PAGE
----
Mission statements have become a very common business tool with more than 50% of the companies in USA and UK having some form of mission statement. It has been realized that there is a need to clarify to the employees the purpose and philosophy of the company. The recognition of the importance of organization culture has created the interest in the purpose of setting up a kind of a message, highlighting the company purpose and management philosophy. It has realized, that the middle management is always becoming more and more demanding of their organization, and regularly asking for clarifications of direction of purpose and values, and the "inner identity" of the corporate.
As a result, the corporate, in searching for the right tool to help them manage, has come with mission statements, where it has tried to put forth the company's identity, its purpose, and a philosophy, for a better management of the organization. But, regardless of the attention being given to mission statements, there is little understanding as to what such a statement should include, and what role it has to play in the management of the company's identity or culture. These facts have been gathered after extensive research, involving interviews with managers, and studying in-numerable mission statements from all over the world.
There is a need to understand how an organization can enthide commitment amongst its managers and employees, and what should a mission statement play in this process. The word 'Mission' of a corporate would generally mean the identification of the organization's character, and the reason for its very existence. A mission statement should be characterized by projecting four parts of an organization: purpose, strategy, values, and behavior standards. The "Strategy" would address the nature of business, meaning, the organization's position vis-à-vis their competitors. It includes the source of the organization's competitive edge. The "Behavior Standards" would define the norms and rules that the organization follows, "Values" would be the principles of the moral value that forms the base of the behavior standards, and "Beliefs" would be the very faith on which the organization has was built upon, a faith which has been drilled into the organization by its founding dynasty.
There are frustrations in business processes. These frustrations evolve with the business having no definite purpose or direction. It has become so necessary for organizations to put forth a mission, which provides a clear business conception, its purpose, and its mission.
"A strong sense of corporate identity is as important as slavish adherence to business unit financial results". Michael Porter1.
The question comes up, how to practice what is written in a mission statement, such as the one which says, 'to reach beyond minimal'. Beliefs are said to be the signposts, guides, and goals of the organization, which are open to discussions. It becomes a document forming base on which the company exists.
"Beliefs are another professional tool of management to be utilized to reach our common goals". James Bere2.
"I recently visited the local office of a company that for many years has prided itself on its elegantly worded mission statement. Indeed. asked me if there was anything else I wanted. he asked. 'You know.' I told him 'that document on the wall as you walk in.' He was completely mystified. I finally took him over to the door and showed him what I was talking about. I left him staring at the mission statement, open mouthed and reading it, no doubt, for the first time. " Laura Nash3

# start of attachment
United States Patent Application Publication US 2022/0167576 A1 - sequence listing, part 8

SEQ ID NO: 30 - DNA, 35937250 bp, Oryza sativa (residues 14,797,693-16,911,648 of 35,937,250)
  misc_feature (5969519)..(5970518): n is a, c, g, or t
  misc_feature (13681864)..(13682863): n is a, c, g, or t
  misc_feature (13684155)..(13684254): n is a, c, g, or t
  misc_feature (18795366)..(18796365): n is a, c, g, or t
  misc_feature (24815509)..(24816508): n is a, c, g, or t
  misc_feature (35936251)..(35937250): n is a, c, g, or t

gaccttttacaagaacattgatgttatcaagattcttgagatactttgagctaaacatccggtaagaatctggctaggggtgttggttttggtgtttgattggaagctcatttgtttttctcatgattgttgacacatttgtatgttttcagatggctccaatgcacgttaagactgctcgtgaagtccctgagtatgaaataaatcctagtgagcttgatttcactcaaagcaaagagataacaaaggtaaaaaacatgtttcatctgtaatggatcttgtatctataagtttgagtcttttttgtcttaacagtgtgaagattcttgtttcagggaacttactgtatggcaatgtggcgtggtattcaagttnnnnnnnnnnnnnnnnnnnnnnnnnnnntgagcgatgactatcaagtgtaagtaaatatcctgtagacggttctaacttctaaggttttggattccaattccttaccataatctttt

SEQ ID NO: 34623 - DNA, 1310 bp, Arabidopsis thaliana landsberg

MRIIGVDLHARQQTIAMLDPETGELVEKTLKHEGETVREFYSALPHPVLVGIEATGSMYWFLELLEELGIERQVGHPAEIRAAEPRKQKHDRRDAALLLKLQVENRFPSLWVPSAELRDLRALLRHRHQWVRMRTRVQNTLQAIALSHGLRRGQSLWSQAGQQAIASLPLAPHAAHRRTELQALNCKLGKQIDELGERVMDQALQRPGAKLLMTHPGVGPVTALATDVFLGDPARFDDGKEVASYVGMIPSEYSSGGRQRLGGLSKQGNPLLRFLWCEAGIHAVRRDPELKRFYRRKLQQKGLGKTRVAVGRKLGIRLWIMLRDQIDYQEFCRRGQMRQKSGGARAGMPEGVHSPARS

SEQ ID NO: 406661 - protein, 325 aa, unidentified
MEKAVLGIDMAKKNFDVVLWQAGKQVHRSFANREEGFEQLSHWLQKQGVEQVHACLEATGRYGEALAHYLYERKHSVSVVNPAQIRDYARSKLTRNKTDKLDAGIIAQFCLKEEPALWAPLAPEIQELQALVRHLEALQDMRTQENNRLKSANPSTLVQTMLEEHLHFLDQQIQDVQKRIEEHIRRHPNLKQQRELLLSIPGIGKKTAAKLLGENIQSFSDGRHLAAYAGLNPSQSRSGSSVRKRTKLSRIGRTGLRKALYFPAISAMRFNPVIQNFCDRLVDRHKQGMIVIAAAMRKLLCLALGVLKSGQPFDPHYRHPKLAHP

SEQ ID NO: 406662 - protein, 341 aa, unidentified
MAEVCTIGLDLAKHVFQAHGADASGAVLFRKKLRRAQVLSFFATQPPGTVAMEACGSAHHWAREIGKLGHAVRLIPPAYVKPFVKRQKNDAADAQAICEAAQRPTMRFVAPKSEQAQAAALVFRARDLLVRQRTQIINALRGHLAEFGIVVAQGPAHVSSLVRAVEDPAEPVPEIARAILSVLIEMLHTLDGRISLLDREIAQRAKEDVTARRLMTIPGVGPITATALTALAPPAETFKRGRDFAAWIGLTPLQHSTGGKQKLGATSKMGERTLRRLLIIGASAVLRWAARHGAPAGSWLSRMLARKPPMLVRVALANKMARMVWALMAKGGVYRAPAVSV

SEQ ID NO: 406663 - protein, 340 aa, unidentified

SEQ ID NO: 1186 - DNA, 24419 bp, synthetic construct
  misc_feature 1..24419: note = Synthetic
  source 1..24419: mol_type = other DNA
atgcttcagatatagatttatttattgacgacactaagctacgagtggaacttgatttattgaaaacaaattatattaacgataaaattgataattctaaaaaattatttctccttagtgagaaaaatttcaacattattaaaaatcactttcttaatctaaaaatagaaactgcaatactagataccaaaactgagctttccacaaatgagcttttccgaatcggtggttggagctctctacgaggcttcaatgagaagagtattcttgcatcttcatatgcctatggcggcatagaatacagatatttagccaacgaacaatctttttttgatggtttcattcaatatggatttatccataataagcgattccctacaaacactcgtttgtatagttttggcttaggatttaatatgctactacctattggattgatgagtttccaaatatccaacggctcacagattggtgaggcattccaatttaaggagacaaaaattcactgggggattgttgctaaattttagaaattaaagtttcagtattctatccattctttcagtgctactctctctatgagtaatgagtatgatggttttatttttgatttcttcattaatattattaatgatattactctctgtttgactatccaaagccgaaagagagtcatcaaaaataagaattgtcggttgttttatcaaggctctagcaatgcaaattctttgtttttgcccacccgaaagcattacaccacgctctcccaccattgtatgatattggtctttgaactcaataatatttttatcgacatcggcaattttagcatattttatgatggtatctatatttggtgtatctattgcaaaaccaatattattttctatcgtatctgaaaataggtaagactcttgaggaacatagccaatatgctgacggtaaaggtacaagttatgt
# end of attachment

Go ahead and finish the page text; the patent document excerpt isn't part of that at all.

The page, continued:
In preparing a mission statement, the suggestion for the need of one may come from an external consultant. This, he may suggest, as a requirement to help and unite the company. In writing such a statement, the questions that are asked, in an attempt to write a mission statement, often brings out the gaps that the senior management has in its thinking process. The pressure in describing an organizations strategy, and management approach, also comes from the financial institutions or communities. This acts as external stimuli in forming a document, concluding that of a mission statement. The present need for a mission statement is also felt, when analysts and financial commentators become critical about the function of the managers, who lack strong commitment for the company's vision, activities, and management style.
The requirement for a mission statement also comes from within the company, becoming internal stimuli. There are three sources for such stimuli. The first one develops from the internal audience, such as, the section of middle management, wanting clarifications on where the company is heading to, and what the company stands for. The second source may come from the company executives themselves, having deep differences in opinion immerging out of discussions relating to the future of the company, and in the matter of company governance. The Chief Executive himself could be the third source, who may find that there is a need for a change in strategy and culture, and may re-write the mission of the organization, and communicate the change down the line. This change could have been on the basis of a new rule.
1 Michael E Porter – 'From Competitive Advantage to Corporate Strategy'. Harvard Business Review, May- June, 1987. P 52
2 James Bere, Chief executive Officer. Borg-Warner Corporation. Quoted in Harvard Business School, Case No 383-091. 'The Beliefs of Borg-Warner'.
3 Laura Nash – 'Mission Statements – Mirrors and Windows'. Harvard Business Review, March-April 1988 p. 155.
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Source by Prabir Sen